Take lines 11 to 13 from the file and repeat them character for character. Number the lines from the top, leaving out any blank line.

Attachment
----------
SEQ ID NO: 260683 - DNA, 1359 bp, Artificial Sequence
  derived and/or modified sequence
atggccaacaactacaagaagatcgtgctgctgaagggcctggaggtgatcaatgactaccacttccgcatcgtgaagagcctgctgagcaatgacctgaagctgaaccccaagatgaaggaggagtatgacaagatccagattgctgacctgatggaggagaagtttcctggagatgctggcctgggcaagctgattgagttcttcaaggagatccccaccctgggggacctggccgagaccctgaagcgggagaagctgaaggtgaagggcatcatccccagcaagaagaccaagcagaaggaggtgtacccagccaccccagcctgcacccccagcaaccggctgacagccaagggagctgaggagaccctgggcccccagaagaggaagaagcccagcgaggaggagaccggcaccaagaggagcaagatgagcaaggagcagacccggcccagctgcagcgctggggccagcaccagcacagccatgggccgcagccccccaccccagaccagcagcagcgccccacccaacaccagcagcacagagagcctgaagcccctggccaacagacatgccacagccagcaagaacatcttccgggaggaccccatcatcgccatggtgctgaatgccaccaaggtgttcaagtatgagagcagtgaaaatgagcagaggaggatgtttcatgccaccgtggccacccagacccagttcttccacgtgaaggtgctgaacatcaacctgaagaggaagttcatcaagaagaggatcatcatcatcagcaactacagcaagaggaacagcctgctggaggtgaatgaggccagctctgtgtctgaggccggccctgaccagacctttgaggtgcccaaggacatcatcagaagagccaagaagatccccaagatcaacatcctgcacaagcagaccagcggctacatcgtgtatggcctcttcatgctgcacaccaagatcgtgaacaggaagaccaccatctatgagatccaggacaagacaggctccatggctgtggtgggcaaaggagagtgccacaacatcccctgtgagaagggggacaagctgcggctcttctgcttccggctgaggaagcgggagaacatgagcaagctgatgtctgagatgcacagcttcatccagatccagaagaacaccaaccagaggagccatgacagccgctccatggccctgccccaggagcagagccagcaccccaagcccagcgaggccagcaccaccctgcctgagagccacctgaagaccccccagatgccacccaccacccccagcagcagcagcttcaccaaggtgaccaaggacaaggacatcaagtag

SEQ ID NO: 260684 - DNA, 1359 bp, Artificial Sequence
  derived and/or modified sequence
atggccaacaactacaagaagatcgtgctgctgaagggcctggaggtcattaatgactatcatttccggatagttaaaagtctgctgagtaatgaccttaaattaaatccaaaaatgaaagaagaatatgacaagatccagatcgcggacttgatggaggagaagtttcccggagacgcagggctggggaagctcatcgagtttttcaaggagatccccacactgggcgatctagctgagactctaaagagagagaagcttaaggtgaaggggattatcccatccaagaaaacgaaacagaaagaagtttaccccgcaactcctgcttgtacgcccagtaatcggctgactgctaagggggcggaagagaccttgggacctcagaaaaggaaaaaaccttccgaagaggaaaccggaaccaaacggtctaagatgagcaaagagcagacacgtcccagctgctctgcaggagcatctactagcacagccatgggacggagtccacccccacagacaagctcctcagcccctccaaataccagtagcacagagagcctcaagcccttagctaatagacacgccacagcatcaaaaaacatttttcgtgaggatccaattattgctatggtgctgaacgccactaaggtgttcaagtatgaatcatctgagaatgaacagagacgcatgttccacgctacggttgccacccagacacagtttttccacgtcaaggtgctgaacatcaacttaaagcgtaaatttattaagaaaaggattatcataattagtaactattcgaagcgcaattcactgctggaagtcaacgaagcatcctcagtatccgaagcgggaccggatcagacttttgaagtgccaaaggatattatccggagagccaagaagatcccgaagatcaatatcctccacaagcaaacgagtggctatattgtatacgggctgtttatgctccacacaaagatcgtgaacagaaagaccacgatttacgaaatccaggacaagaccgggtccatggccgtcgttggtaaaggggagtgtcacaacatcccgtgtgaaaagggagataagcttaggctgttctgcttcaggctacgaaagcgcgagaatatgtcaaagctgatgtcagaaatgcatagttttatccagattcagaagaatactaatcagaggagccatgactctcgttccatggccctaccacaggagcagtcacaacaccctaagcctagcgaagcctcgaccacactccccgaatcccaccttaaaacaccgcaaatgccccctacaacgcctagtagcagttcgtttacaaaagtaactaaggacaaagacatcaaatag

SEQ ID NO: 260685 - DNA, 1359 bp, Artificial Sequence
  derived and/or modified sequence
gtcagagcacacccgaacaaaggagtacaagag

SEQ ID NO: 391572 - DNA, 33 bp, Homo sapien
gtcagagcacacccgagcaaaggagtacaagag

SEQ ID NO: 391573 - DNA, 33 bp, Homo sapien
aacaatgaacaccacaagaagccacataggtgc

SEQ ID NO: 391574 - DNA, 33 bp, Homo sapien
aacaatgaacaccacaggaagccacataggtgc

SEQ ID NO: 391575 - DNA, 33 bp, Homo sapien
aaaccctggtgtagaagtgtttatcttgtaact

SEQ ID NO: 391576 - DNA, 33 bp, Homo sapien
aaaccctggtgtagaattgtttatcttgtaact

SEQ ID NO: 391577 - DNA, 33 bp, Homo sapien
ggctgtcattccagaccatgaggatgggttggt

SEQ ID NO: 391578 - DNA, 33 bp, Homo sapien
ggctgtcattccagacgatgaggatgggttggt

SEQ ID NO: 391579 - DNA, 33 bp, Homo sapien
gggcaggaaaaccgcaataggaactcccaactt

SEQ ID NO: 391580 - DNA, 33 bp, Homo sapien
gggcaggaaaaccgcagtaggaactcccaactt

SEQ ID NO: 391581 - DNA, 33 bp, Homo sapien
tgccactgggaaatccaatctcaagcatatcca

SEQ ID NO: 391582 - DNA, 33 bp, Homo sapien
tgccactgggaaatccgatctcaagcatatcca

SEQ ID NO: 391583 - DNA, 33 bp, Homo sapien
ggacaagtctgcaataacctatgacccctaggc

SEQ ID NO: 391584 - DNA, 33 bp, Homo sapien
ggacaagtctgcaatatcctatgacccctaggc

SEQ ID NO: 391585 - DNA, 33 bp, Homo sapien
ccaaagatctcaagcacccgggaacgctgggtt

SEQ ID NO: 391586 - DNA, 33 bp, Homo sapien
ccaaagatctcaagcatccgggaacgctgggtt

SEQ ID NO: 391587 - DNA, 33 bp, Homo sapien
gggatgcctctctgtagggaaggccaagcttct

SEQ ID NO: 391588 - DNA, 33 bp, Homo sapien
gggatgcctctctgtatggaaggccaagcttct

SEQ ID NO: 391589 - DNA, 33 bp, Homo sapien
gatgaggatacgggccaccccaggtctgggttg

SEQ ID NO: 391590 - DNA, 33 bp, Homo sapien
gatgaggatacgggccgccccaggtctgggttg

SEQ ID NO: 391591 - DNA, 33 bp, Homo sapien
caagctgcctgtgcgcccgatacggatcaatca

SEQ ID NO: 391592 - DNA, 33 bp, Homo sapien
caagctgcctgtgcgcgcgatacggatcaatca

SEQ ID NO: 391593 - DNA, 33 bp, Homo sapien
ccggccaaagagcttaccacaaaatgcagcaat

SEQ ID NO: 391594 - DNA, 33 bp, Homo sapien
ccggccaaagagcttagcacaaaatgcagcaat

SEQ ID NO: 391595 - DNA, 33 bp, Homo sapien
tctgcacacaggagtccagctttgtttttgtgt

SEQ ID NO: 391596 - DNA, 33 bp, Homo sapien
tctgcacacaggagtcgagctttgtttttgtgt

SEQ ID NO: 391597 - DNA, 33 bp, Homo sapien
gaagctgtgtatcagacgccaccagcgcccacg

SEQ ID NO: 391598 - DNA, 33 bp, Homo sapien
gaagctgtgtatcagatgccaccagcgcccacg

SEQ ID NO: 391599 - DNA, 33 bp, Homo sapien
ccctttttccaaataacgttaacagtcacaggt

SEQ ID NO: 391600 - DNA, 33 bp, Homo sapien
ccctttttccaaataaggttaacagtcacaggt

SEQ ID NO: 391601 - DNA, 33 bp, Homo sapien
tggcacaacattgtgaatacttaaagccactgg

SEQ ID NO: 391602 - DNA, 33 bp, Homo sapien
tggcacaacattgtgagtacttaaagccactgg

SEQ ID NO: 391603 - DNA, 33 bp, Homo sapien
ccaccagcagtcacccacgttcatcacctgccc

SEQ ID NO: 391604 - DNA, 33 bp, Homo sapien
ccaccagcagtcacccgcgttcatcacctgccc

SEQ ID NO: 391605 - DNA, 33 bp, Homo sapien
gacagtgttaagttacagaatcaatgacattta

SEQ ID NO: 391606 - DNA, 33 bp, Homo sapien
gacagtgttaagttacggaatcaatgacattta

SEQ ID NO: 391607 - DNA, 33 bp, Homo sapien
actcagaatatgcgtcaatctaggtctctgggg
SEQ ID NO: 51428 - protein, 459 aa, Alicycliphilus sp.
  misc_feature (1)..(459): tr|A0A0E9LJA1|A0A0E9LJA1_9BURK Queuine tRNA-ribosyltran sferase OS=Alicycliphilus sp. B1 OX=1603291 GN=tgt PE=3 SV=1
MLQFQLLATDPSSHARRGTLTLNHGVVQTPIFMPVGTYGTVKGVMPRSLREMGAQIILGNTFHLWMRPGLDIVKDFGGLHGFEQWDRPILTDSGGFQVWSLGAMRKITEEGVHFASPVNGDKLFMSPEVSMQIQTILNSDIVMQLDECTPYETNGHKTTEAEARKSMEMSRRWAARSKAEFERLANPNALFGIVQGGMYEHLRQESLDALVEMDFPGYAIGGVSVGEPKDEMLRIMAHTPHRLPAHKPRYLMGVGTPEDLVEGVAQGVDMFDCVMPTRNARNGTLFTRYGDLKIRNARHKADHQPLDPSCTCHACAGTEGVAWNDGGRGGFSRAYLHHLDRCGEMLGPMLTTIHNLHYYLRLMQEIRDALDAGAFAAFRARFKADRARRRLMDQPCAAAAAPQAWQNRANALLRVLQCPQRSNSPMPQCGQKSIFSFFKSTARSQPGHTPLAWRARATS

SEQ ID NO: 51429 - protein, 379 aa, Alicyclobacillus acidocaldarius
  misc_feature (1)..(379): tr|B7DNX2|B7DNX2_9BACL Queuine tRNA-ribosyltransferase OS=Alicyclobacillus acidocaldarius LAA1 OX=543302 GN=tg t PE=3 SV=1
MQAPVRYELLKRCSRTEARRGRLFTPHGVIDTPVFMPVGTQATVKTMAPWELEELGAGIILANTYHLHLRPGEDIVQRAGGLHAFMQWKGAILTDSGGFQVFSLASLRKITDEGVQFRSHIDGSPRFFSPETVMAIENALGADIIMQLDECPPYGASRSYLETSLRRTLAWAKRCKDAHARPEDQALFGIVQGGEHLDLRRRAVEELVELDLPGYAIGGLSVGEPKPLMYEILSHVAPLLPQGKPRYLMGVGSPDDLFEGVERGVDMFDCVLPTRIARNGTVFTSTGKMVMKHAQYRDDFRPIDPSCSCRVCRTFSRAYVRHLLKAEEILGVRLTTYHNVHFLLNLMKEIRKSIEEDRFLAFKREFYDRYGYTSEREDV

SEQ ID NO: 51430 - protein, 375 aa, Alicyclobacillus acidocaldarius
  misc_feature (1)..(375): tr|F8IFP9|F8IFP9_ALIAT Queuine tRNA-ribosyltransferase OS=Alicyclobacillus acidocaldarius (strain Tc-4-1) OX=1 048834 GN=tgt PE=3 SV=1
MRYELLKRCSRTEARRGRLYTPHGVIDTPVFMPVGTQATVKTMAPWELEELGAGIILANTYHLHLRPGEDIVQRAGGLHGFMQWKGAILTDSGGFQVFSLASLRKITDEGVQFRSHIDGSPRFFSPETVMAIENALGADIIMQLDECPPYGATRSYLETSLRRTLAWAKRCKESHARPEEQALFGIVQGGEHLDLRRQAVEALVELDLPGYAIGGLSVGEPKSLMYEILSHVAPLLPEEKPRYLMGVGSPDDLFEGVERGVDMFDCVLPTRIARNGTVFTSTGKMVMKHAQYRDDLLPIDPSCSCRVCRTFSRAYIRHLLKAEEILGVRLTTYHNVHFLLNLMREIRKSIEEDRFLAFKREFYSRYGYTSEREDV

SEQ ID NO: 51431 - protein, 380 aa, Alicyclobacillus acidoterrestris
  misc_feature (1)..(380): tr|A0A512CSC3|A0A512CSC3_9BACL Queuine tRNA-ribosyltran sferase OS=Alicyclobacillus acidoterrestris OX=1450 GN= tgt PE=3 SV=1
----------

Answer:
gtcagagcacacccgagcaaaggagtacaagag

SEQ ID NO: 391573 - DNA, 33 bp, Homo sapien
aacaatgaacaccacaagaagccacataggtgc